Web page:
David Bowie, Fearless Icon

Great art requires courage, and the late artist had a lion's share

Rock legend and cultural icon 

David Bowie died Sunday, two days after his 69th birthday, following an 18-month battle with cancer. A post on his Facebook page says he died peacefully, surrounded by family.

And while it’s impossible to know Bowie’s thoughts in his final hours, it’s not hard to imagine that one of the most important artists in popular music spent his final hours much as he lived his entire life: fearlessly.

[lz_bulleted_list title=”David Bowie’s Legendary 6-Decade Career”]1996 Hall of Fame Inductee|25 studio albums|111 single hits|140 million records sold worldwide[/lz_bulleted_list]

Hundreds of adjectives could describe Bowie, and they’ll all appear in tributes from artists and fans around the world today. “Influential” is so obvious it hardly seems to cover it: In the context of popular music and culture, he practically reinvented the word. The same is true for “experimental,” “iconic” or “unique.”

But the word we keep coming back to is “fearless.” Bowie did whatever he wanted to, consequences be damned. The safe route was never an option. Bowie wasn’t as interested in the road less traveled so much as the road riddled with landmines.

In the 1980s, MTV not only actually played music videos — it was one of the biggest platforms in the world for exposing audiences to pop music. MTV could make or break your career, even if you were an established star. And for an artist as visually creative as Bowie, music videos provided the perfect medium.

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Bowie’s videos for “Ashes to Ashes” and “Fashion” from 1980’s “Scary Monsters (And Super Creeps)” remained in solid rotation on the network in 1982, when Bowie took a huge bite out of the hand that fed him. He used his popularity to challenge MTV’s awful track record (at that time) of playing videos by black artists.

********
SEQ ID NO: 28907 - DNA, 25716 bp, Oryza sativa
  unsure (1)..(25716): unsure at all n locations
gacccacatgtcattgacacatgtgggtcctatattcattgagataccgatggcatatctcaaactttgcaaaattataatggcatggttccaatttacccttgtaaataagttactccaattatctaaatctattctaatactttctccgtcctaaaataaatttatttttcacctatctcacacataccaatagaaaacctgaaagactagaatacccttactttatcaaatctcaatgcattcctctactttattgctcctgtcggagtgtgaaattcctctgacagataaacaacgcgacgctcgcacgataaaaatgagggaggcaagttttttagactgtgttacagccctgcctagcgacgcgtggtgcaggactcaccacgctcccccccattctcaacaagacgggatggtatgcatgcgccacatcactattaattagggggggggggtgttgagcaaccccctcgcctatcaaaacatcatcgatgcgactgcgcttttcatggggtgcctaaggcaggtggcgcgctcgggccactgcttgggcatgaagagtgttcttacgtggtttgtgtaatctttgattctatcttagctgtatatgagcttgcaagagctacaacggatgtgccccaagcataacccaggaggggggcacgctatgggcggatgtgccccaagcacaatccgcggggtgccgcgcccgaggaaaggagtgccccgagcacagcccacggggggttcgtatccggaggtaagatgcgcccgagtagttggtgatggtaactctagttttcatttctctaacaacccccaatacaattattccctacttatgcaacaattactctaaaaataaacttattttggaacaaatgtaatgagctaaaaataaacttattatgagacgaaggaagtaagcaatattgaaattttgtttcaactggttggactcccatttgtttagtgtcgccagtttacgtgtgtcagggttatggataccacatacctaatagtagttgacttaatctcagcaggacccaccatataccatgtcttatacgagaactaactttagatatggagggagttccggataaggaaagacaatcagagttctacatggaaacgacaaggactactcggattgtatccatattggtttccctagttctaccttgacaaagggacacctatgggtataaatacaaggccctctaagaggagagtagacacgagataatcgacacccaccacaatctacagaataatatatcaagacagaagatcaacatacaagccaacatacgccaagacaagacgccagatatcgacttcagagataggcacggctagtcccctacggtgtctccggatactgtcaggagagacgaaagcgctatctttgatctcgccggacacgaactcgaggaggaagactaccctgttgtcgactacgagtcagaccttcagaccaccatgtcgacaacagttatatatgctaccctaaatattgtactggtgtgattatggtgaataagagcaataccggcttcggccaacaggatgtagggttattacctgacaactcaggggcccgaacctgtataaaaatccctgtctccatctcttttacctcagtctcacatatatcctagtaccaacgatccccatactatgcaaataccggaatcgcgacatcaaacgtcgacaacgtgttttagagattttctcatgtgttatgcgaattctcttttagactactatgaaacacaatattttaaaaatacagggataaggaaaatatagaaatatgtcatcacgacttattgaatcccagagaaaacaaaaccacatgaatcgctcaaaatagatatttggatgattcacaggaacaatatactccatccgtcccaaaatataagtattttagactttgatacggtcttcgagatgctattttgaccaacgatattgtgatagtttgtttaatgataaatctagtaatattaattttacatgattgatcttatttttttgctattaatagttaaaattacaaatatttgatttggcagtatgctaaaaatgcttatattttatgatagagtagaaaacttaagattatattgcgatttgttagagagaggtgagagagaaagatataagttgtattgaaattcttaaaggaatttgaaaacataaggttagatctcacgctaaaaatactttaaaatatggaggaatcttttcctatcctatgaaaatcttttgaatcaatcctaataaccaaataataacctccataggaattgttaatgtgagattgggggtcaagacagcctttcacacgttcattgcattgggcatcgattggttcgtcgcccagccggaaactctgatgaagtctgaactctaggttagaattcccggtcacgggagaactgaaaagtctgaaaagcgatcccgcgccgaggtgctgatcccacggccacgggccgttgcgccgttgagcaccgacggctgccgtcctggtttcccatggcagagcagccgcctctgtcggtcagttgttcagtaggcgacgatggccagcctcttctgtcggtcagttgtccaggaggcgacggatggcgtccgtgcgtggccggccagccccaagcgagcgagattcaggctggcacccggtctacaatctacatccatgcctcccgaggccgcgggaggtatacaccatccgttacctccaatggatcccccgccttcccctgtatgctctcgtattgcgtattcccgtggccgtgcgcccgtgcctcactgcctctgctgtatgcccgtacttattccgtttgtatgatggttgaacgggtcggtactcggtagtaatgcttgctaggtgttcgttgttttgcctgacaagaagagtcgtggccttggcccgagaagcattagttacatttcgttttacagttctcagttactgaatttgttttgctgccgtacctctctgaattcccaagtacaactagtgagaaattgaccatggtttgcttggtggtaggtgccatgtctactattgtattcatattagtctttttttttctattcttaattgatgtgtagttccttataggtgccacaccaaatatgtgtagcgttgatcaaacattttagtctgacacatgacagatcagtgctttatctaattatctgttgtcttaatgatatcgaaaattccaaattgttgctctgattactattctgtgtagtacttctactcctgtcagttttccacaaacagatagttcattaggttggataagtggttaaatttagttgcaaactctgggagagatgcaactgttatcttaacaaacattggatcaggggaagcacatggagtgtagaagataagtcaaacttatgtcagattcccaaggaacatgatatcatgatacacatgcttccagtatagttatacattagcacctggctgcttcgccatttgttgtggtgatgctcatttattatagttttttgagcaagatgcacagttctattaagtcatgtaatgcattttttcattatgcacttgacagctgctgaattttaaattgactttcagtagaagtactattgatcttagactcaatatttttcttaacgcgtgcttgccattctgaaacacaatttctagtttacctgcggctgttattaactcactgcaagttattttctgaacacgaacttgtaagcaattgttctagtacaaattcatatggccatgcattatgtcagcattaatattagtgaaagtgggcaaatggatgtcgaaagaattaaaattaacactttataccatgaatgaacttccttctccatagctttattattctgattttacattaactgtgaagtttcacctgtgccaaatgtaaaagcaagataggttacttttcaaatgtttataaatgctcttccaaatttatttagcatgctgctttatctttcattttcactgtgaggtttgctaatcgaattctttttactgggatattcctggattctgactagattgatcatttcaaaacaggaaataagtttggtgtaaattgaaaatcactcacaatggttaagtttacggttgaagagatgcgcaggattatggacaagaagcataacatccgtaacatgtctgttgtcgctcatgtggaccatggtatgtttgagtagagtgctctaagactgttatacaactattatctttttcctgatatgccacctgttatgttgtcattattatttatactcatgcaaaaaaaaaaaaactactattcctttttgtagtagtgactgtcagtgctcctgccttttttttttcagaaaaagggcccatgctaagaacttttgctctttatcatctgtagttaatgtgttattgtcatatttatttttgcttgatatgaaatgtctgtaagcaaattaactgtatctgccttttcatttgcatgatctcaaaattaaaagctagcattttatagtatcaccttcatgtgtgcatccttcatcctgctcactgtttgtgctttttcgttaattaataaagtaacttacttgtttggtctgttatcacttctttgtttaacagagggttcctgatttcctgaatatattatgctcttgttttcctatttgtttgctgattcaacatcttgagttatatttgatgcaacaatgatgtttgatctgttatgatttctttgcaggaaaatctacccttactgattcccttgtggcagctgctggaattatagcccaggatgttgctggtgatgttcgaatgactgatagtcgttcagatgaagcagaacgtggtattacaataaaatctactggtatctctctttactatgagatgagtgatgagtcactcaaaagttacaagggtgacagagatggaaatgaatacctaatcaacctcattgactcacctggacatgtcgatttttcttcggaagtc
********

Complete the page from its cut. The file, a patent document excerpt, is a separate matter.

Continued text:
“Why are there practically no blacks on the network?” he asked in a live interview, following with: “There seem to be a lot of black artists making very good videos that I’m surprised aren’t being used on MTV.”

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Bowie also popularized the notions of fluidity in sexual orientation and playing with gender norms decades before they would come close to mainstream acceptance.

Gay, straight, bisexual — he acknowledged all three at times, yet he ultimately refused to be labeled so reductively. That obviously remains a sensitive topic to many in 2016, much less when Bowie first went on the record about it in 1972. He later acknowledged that being so open about his sexuality hurt his career in America.

Many pop artists search for a sound and a look that will score with audiences and stick with that; it’s practically a law in today’s culture, where your “brand” must be concretely defined and reinforced.

Bowie said to hell with that from day one. His catalog is a wonderland of diverse musical genres and styles, covering everything from glam rock and pop to soul, cabaret, dance, EDM, hard rock, jazz — frankly, you might as well list everything.

It’s impossible to cover all the ways in which Bowie influenced music, art and fashion, and in which those influences will continue long past his death. But we should never forget that great art absolutely requires courage, and Bowie was as fearless as they come.

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